Female Artists in the Leaning Playground
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Female Artists in the Leaning Playground
  • Kim Park Yeonhoo
  • 승인 2024.05.01 08:50
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PHOTO FROM THE JAKARTA POST

 

Noonsong recently heard about female artists who are active in various fields. She has noticed the recent popularity of women in the culture and arts industries, including Lee Min-jin's novel <Pachinko> and female actors in TV series such as <Extraordinary Attorney Woo> and <The Glory>. However, she came across a news article about the difficulties faced by women in the culture and arts industry and was curious about what they were facing.

 

Darkness in the limelight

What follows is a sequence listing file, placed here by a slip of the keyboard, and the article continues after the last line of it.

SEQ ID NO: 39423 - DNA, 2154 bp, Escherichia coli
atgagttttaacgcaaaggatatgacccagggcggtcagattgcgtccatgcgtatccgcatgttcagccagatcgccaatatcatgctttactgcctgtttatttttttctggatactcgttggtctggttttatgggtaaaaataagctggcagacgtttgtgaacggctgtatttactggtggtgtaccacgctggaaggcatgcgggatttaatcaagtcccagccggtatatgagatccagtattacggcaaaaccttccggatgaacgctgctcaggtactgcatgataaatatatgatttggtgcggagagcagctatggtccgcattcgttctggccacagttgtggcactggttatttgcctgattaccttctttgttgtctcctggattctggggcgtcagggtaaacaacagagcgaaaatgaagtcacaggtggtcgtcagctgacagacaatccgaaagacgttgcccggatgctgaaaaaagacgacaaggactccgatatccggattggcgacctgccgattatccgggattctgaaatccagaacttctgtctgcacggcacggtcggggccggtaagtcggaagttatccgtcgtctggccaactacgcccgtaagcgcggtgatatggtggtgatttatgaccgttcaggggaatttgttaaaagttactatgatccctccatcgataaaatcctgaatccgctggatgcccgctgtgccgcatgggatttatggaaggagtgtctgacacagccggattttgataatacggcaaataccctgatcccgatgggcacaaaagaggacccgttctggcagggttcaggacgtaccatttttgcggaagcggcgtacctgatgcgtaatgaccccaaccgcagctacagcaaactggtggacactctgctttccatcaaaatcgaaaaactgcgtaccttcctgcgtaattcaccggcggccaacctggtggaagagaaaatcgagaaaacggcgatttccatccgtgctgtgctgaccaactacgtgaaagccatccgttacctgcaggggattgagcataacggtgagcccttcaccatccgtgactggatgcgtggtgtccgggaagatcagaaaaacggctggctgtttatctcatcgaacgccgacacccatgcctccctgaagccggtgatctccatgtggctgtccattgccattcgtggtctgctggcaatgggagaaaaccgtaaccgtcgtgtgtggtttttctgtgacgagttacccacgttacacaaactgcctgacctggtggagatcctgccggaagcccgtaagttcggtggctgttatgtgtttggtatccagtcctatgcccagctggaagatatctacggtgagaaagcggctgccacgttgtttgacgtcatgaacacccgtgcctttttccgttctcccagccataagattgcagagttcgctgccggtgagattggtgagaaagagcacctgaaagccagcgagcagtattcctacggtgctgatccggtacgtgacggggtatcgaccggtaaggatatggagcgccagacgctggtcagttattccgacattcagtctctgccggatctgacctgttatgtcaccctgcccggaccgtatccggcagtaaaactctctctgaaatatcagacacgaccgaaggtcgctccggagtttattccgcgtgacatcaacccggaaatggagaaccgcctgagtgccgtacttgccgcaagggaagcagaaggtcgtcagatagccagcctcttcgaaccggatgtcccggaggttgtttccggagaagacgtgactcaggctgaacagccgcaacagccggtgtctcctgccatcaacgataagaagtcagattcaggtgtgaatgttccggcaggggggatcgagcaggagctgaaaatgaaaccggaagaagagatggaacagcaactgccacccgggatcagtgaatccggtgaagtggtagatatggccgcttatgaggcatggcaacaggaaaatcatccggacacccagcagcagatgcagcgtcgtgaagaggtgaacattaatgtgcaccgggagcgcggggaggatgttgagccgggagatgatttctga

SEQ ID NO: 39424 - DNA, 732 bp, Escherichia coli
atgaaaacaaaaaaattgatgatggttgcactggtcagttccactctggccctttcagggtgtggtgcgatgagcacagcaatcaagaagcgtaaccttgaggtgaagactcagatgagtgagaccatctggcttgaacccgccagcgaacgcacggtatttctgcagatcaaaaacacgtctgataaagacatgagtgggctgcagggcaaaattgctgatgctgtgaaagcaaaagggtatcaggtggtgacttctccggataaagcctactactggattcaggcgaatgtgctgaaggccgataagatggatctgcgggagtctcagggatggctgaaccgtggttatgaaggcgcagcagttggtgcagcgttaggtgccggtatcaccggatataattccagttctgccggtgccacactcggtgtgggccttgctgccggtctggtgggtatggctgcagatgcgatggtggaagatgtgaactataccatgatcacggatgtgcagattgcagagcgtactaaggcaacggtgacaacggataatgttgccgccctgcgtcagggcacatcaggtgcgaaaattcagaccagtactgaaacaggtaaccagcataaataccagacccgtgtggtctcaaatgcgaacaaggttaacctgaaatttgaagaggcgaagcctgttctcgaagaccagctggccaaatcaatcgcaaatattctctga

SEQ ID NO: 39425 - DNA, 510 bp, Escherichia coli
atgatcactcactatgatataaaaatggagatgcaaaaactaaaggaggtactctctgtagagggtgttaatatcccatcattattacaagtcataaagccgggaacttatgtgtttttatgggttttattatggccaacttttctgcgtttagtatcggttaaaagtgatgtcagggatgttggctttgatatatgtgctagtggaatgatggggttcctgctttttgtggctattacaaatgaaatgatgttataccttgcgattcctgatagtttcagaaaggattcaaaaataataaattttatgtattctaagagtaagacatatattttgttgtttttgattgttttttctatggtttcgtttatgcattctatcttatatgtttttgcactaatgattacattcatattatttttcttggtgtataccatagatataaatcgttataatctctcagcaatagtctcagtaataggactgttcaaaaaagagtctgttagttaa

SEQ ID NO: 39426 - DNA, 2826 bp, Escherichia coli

In the past, Korean women have historically been denied access to formal education. Traditional gender roles confined women to domestic duties, leaving no time or space for them to pursue creative endeavors outside the home. This lack of education limited the opportunities for women to pursue careers in culture and arts. Nonetheless, there have been female artists who worked without compromising their beliefs. Na Hye-seok, the first Korean female Western-style artist, worked as a writer, poet, and sculptor under a difficult social atmosphere. In overcoming the situation, women continued to be active in the field of culture and arts, setting a model for modern female artists. According to the Popular Culture and Arts Industry Survey of 2021, released by the Korea Creative Content Agency in December 2021, about 53.5 percent of popular culture and arts workers are male and 46.5 percent female, with the largest number of female workers being actors, singers, and broadcasters. This means that the gender ratio between men and women in the culture and arts industry is becoming more balanced. In February 2022, Yoon Yeo-jeong of the film <Minari>, Jung Ho-yeon of the drama <Squid Game>, and Min Hee-jin, the CEO of the entertainment management company ADOR were included in U.S. Variety magazine's "Most Influential Women in Global Pop Culture." This shows that women who have been active in Korea in the past, when the social climate made it difficult for them to carry out proper cultural and artistic activities, have continued to do so to this day and are making an impact not only in Korea but also abroad. As such, the roles of female artists have come under the spotlight.